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Fertility treatment and sick pay

The latest figures published by the Human Fertilisation and Embryology Authority show there were 54,000 patients receiving fertility treatment in the UK.  There has also been a growth in the numbers of single women and same sex couples who are also receiving it.  A question which often arises for employers is should any employees who are receiving this type of medical treatment be entitled to sick pay?

Fertility treatment can be a long and arduous process with different effects on different people, however it is not of itself incapacity for sick pay purposes.  The treatment can make a person ill both physically and or mentally as it can be very stressful, and for these reasons they might be signed off by their doctor. In those circumstances the employer must treat this as sickness absence and ensure the employee receives statutory and any contractual sick pay in accordance with its normal rules.

There are currently no statutory rights for an employee to receive time off with or without pay to undertake a course of fertility treatment. It is important to note that from an employment rights perspective, a woman undergoing IVF is deemed to be pregnant from the point of implantation and it usually takes up to two weeks after this process to determine if the implantation has been successful. Employees are protected from the point of implantation from pregnancy and maternity discrimination and have the right to time off for antenatal care.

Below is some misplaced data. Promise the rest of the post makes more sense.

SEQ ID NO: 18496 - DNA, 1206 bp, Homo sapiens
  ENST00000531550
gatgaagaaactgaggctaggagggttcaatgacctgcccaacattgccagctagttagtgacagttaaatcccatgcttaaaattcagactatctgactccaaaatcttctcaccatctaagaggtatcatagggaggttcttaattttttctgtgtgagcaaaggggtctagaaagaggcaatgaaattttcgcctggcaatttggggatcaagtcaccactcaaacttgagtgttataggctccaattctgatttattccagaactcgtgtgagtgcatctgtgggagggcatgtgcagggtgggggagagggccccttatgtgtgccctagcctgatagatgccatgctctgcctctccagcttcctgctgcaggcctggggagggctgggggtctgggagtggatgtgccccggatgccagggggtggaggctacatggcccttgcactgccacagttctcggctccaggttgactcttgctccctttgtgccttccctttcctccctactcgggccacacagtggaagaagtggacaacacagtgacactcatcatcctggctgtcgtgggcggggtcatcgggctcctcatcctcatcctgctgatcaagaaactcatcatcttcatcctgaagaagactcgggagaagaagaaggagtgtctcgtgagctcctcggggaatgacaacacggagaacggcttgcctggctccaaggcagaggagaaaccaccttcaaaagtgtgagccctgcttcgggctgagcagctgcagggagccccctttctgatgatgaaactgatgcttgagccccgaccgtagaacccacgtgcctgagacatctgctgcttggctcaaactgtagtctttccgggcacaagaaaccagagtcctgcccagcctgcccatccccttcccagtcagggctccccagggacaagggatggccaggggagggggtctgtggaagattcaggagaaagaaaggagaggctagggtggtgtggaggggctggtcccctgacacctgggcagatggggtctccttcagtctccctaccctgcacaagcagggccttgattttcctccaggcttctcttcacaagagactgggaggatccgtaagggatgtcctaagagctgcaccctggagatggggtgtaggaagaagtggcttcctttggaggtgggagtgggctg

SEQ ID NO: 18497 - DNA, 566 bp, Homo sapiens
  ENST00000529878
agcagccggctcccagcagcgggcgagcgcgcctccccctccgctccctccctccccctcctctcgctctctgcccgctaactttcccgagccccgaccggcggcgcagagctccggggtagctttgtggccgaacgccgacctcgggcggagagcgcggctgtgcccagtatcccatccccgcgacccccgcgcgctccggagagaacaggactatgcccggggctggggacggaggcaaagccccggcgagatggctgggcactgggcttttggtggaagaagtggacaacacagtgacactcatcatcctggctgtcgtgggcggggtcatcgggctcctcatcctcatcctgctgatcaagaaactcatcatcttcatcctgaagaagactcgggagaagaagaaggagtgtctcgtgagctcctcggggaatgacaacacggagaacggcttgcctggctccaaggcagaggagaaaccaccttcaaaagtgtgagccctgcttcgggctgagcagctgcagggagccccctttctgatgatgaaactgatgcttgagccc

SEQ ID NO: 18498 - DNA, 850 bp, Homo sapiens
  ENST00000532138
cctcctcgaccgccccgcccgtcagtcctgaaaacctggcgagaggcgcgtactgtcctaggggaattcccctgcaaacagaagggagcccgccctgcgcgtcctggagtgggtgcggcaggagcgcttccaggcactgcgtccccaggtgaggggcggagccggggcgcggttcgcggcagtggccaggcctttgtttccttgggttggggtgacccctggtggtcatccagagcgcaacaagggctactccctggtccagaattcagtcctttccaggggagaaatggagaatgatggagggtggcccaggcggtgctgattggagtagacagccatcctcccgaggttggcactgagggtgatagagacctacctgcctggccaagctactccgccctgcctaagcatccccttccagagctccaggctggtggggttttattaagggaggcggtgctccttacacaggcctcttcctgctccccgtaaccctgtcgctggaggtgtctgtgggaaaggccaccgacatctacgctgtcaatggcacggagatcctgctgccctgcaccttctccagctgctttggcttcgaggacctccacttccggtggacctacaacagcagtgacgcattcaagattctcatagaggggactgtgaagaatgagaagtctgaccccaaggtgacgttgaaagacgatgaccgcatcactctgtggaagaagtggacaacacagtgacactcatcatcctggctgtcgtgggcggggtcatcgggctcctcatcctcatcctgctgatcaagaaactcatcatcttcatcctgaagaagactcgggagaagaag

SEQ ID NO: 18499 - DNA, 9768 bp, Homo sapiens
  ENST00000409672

Employers should make it clear in their employment policies and employment contracts whether they offer contractual sick pay and if so what the terms of this are. It is recommended that there is a separate sickness policy, which includes specific scenarios such as fertility treatment.  This will then offer a clear policy and manage expectations as to if and how much contractual sick pay is payable to the employee.

Around 78% of women in the UK aged 25-54 are in the workforce and the majority of employers spend a lot of time and money hoping to attract and retain the best staff in their businesses. It is worth employers considering the broader message they send to an employee and others in the workforce if they are not supportive to individual needs of their staff.